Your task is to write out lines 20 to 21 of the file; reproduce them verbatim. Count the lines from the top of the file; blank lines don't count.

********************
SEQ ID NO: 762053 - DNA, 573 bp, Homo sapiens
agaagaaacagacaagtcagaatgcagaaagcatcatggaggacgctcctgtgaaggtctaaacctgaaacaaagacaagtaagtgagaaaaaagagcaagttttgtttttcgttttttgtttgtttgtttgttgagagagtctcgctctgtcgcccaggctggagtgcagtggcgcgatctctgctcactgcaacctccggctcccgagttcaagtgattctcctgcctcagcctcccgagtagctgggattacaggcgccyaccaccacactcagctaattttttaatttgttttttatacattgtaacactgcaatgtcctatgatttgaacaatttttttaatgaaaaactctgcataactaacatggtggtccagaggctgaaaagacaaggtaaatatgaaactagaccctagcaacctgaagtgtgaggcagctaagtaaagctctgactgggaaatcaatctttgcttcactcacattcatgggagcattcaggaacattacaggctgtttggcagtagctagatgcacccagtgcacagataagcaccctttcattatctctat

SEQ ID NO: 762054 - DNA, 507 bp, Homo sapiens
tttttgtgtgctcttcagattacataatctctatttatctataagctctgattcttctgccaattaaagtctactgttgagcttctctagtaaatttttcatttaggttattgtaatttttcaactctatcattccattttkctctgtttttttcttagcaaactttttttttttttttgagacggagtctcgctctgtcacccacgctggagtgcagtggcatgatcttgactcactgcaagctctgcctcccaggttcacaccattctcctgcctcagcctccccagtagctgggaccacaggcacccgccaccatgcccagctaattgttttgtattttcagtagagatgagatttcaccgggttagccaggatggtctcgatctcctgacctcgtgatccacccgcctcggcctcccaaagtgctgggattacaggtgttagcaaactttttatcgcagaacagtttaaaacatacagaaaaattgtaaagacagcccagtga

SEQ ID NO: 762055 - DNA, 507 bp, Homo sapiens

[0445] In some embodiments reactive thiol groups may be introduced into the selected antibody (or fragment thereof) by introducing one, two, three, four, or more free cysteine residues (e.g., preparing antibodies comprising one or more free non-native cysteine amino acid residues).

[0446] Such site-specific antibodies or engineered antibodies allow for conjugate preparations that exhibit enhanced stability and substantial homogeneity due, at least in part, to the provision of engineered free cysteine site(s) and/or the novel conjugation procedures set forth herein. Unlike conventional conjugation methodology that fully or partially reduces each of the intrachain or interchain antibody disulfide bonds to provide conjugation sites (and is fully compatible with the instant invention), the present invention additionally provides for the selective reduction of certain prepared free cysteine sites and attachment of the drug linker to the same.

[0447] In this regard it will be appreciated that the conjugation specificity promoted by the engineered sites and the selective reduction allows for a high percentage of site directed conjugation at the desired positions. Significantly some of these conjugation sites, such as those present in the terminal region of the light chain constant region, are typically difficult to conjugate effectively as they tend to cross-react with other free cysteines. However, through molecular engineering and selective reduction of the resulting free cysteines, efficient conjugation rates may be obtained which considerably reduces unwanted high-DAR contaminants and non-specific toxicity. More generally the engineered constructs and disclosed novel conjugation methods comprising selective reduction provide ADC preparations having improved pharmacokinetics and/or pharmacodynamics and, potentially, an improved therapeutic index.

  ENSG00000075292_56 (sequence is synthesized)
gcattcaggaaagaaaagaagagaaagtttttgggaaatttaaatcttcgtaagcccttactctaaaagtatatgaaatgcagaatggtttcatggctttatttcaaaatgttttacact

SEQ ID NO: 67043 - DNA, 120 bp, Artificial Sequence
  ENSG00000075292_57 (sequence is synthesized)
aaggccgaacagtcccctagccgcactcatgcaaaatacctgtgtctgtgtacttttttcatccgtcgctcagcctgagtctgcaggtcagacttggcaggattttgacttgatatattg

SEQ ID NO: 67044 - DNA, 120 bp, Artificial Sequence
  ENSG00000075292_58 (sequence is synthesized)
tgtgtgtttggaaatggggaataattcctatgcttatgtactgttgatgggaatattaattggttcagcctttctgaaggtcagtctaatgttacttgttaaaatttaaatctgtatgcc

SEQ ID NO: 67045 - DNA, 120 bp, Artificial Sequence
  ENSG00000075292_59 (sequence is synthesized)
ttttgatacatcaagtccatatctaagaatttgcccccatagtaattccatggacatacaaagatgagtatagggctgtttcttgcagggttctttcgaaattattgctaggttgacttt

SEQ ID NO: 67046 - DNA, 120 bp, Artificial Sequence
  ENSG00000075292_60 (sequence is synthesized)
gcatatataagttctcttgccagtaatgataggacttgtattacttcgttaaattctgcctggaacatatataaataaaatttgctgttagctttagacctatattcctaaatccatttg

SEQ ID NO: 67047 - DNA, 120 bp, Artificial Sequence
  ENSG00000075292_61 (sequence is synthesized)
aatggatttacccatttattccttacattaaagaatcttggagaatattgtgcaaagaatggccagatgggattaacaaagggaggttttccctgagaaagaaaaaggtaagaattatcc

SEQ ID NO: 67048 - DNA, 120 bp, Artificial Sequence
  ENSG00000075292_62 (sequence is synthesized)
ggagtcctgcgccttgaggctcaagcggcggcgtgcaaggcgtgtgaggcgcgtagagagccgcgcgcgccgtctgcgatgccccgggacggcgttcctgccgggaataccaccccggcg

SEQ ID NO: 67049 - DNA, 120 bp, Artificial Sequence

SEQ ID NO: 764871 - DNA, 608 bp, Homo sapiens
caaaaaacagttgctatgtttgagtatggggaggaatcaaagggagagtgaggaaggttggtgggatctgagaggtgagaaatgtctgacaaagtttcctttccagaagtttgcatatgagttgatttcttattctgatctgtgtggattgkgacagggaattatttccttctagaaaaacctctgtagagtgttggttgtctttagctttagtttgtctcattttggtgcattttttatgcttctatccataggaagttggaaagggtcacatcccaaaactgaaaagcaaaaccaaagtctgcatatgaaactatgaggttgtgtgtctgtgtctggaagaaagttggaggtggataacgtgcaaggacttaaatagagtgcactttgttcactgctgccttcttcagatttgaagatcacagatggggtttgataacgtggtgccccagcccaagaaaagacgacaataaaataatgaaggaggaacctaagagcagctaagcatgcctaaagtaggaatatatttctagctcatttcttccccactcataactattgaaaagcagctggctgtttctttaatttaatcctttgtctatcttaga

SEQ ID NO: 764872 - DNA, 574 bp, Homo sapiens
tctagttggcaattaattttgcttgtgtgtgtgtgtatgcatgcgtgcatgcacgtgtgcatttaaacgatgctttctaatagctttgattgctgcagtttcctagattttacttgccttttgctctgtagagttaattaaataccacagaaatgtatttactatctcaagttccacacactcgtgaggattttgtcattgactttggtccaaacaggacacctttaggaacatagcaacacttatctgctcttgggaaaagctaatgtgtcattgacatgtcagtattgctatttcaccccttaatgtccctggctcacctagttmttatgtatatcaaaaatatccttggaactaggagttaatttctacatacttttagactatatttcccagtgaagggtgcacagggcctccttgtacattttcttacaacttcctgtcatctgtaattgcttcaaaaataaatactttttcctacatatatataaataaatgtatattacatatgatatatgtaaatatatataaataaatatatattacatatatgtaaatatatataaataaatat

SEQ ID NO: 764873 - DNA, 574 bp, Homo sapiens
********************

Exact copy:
SEQ ID NO: 67046 - DNA, 120 bp, Artificial Sequence
  ENSG00000075292_60 (sequence is synthesized)